He was the first governor of the state of Virginia and a member of the First Continental Congress. But it was for his extraordinary power as an orator that Patrick Henry is best remembered. His "Give Me Liberty" speech, delivered at Richmond’s historic St. John’s Church in the year before the signing of the Declaration of Independence, remains one of the most passionate and eloquent enunciations of the American ideal ever delivered. It was a fiery call to arms that caused an immediate and rousing reaction.
What historians in studying the period have generally neglected is the fact that Henry was in the throes of an aching grief at the time he issued that famous clarion call. Less than thirty days prior to the assembly on this day in 1775, Henry’s beloved wife, Sarah, died after a short illness. Henry’s grief was so deep that he confided to his family physician that he was "a distraught old man."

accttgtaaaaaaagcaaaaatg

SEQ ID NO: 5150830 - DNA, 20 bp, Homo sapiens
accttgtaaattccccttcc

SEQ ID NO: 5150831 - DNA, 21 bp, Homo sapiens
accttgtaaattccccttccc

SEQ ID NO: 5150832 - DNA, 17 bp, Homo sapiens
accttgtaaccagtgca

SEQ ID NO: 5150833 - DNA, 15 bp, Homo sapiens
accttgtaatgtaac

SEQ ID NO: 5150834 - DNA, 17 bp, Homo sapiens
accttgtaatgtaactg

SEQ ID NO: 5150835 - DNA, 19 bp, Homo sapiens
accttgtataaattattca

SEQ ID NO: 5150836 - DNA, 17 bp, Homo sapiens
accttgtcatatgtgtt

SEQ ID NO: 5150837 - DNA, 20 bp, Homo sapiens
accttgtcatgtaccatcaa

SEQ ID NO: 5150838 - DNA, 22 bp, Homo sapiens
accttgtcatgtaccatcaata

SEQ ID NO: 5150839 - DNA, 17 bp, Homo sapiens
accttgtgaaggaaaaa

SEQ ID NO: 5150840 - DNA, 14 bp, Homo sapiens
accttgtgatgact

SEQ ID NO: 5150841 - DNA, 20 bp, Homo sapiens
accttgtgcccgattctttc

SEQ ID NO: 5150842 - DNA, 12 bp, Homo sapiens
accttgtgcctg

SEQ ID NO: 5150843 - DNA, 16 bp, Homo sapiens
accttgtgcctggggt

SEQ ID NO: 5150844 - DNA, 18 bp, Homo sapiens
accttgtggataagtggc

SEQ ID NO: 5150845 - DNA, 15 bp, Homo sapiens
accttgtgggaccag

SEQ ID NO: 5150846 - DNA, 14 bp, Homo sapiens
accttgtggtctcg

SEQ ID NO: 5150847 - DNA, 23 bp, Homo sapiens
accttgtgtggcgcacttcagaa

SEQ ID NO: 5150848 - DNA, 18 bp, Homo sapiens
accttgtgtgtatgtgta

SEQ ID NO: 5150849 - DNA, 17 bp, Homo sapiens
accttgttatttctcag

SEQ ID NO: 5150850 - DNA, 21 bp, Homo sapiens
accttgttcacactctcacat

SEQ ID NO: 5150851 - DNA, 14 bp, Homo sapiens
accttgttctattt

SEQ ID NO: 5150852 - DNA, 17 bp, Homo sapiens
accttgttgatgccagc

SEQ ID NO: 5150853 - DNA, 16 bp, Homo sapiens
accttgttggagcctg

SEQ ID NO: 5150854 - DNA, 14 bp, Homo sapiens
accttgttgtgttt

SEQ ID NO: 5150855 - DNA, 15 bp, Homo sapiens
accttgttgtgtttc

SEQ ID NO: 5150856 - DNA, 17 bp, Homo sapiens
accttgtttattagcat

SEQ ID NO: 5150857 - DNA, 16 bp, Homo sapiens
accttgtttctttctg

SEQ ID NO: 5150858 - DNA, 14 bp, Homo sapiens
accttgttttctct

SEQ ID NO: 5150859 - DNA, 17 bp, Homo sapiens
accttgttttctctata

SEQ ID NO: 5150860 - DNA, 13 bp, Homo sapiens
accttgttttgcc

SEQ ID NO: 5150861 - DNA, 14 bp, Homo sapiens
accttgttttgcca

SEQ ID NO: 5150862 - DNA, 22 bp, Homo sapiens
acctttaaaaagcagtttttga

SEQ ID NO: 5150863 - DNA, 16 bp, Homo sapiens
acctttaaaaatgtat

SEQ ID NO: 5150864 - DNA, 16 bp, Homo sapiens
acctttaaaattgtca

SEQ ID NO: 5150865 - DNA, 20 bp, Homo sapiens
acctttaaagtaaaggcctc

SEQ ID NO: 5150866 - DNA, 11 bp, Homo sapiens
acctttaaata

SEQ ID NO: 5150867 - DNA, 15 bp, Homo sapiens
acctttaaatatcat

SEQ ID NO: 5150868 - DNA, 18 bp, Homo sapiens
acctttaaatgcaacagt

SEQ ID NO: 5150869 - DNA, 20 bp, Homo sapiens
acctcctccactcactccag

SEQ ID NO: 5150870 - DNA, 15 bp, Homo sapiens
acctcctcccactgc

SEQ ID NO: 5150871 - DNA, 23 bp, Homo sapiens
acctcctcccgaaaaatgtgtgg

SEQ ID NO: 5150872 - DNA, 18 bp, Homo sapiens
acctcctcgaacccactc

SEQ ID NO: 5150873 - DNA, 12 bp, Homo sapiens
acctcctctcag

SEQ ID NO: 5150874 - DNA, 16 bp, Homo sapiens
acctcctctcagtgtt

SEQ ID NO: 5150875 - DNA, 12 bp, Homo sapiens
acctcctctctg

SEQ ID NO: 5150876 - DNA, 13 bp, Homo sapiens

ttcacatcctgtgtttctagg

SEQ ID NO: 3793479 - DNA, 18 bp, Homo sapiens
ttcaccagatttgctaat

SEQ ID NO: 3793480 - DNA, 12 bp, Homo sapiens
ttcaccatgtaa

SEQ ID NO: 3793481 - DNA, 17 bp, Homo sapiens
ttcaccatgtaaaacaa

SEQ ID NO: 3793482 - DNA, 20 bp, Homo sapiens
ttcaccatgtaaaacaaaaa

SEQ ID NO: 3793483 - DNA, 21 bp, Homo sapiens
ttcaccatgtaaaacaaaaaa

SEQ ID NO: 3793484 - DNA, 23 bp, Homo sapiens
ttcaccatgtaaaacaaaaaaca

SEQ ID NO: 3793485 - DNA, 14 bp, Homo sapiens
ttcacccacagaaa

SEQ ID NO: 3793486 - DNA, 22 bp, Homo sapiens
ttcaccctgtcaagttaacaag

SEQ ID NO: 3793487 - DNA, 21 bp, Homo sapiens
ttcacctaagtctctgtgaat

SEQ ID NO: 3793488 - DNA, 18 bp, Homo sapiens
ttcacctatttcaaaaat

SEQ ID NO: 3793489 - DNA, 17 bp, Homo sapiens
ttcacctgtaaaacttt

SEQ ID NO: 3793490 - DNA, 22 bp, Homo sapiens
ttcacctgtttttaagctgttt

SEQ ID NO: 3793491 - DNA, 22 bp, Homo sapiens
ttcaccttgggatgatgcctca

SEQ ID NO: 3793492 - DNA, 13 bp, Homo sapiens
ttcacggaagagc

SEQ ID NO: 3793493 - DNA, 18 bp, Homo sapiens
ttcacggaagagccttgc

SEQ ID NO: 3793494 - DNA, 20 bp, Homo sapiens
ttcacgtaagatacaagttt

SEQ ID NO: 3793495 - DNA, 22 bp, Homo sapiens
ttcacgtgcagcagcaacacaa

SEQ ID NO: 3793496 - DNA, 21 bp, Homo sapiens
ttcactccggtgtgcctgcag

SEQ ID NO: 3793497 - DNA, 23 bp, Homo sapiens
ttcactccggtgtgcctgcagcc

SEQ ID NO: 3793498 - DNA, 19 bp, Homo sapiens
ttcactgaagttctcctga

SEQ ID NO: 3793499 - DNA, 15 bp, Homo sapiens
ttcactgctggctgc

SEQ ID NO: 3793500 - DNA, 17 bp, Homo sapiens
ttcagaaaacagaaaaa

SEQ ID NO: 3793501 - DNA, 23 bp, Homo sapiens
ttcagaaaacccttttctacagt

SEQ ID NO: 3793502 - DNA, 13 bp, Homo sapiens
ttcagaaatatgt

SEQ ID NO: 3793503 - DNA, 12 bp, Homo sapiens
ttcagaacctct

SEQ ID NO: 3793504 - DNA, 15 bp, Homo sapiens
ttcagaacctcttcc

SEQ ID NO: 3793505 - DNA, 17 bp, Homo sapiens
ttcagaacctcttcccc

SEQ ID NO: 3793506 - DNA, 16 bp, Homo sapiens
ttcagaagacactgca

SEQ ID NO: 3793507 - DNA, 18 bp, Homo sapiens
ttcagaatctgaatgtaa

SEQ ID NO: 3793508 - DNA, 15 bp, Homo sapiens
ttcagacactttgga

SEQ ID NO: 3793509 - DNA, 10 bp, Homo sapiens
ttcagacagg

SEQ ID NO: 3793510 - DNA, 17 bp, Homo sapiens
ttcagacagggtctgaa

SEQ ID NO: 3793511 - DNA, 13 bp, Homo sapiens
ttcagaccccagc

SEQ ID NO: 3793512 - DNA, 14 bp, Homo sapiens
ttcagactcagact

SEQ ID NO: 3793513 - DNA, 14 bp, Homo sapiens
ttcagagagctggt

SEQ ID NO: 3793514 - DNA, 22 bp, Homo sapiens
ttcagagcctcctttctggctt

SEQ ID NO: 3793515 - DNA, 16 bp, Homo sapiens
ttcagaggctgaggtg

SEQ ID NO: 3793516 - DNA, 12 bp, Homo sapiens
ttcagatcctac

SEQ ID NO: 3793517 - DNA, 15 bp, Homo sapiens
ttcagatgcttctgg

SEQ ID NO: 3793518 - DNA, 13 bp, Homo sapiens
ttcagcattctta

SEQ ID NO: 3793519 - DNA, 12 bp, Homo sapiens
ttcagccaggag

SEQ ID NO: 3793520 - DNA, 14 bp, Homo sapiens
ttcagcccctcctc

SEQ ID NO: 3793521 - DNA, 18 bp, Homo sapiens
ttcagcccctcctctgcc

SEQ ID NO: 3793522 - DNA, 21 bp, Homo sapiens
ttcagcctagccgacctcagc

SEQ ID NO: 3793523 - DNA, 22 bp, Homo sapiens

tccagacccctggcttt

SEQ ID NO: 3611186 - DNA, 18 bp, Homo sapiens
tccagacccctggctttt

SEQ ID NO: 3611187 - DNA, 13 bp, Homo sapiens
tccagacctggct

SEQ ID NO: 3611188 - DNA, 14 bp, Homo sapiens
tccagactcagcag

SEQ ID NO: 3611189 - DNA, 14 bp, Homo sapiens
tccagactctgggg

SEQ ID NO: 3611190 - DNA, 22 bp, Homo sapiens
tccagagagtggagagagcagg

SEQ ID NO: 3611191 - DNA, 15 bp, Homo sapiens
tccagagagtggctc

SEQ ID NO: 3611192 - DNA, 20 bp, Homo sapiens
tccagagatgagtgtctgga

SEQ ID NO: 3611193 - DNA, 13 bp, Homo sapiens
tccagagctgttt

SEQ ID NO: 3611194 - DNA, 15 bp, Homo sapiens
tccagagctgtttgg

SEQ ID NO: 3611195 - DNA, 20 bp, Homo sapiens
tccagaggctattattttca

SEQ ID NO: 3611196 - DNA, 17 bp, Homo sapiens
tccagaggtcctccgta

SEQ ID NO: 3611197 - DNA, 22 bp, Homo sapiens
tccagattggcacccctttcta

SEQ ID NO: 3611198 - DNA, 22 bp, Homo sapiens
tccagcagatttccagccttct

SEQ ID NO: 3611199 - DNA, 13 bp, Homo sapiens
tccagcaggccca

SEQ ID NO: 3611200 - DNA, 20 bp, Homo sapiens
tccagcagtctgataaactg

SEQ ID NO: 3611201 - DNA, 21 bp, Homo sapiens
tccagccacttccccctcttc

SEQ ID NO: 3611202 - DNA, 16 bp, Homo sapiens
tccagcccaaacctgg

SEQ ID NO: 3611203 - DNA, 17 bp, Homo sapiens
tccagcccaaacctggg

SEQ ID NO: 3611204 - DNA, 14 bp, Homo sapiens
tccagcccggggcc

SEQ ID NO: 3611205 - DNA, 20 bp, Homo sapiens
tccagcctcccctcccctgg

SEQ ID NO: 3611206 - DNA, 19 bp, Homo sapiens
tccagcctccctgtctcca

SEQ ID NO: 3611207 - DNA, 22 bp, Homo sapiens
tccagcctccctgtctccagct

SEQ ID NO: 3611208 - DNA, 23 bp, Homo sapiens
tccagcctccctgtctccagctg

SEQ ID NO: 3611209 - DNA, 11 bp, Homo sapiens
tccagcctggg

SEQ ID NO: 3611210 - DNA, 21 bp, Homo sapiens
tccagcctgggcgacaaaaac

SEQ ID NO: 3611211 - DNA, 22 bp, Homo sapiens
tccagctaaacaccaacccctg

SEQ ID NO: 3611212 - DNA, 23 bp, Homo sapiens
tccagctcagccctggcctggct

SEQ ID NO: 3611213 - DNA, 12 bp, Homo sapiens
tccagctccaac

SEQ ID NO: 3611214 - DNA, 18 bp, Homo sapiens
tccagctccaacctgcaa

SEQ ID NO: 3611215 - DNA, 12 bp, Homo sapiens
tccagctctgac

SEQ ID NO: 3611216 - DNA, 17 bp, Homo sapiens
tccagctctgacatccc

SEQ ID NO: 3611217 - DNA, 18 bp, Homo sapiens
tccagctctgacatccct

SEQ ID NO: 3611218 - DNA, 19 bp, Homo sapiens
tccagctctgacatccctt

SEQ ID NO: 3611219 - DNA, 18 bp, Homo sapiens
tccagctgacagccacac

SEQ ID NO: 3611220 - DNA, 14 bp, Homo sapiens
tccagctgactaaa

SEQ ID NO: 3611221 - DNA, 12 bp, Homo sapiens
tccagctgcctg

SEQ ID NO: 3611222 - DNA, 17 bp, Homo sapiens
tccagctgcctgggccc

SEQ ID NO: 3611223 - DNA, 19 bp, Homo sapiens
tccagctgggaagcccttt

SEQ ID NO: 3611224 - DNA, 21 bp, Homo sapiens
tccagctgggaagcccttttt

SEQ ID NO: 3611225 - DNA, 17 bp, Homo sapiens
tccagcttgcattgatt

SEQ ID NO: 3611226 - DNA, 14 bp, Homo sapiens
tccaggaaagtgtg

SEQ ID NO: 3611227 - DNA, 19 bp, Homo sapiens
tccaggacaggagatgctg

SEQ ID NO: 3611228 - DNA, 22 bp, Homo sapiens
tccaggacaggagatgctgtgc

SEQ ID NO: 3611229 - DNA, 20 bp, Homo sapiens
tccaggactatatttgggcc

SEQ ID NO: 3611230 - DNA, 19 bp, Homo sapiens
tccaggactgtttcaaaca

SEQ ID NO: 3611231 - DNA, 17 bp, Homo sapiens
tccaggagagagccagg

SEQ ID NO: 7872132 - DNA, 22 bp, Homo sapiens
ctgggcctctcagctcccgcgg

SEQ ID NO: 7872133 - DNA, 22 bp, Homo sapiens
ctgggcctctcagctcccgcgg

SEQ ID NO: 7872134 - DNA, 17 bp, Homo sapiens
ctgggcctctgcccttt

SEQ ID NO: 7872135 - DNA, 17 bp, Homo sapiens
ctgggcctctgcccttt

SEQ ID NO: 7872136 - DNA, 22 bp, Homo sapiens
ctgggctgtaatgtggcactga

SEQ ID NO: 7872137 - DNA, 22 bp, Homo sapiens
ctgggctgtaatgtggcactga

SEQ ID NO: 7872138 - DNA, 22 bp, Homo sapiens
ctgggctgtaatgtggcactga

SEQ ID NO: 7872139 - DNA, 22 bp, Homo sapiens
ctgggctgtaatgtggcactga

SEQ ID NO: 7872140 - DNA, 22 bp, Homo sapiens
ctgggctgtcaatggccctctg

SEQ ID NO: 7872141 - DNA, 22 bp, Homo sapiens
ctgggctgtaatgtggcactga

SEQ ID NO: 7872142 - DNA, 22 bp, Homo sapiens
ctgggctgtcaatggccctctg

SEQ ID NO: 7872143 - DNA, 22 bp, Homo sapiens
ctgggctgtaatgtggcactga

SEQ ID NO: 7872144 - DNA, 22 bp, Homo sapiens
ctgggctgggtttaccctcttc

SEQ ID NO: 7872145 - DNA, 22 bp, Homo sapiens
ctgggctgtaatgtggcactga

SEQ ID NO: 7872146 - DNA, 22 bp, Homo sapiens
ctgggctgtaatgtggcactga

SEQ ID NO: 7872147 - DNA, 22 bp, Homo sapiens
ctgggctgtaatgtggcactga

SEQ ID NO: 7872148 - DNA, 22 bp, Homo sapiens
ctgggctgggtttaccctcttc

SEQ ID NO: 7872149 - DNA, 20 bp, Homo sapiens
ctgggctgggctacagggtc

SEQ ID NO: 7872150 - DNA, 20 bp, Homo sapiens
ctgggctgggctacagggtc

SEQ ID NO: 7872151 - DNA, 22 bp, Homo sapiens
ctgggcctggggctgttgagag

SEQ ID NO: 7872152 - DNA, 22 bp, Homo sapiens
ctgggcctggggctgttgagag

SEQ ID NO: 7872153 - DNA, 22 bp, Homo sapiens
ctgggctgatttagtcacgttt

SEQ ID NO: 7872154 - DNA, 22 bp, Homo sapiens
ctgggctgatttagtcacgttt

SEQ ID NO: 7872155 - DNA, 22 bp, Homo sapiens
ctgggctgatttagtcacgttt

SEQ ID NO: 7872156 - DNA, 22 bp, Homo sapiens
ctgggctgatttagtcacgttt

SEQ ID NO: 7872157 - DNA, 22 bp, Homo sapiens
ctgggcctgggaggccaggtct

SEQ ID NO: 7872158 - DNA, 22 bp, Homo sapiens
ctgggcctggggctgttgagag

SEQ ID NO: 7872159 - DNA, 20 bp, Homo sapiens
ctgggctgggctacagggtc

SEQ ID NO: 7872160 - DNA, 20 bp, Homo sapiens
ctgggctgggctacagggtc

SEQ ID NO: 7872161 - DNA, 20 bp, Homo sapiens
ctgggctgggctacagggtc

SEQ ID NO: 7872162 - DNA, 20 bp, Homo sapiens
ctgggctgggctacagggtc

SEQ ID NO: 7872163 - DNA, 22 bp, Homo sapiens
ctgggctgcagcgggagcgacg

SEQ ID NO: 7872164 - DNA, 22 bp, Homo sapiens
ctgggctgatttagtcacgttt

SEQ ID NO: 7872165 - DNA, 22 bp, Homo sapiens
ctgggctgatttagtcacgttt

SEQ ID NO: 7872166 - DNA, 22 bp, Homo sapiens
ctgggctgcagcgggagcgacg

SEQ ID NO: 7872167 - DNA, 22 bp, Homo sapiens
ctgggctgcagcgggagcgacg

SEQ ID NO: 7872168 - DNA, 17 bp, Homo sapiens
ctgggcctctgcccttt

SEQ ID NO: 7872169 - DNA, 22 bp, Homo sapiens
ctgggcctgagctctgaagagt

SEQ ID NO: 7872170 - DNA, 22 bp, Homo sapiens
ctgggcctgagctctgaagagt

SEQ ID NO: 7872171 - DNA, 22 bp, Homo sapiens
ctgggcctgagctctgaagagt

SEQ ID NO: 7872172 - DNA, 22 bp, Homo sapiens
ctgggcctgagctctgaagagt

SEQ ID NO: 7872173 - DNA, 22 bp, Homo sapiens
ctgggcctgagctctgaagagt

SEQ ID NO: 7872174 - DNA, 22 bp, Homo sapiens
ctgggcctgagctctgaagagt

His bereavement was smothering. Indeed, many of his fellow delegates to the Virginia Convention, including President Peyton Randolph, questioned whether he was fit to attend the deliberations of government. No doubt they were all stunned by the power and suasion of his words.
Despite his personal anguish—or perhaps because of it—Patrick Henry stirred himself to sound for the theme of that which is right and good and true.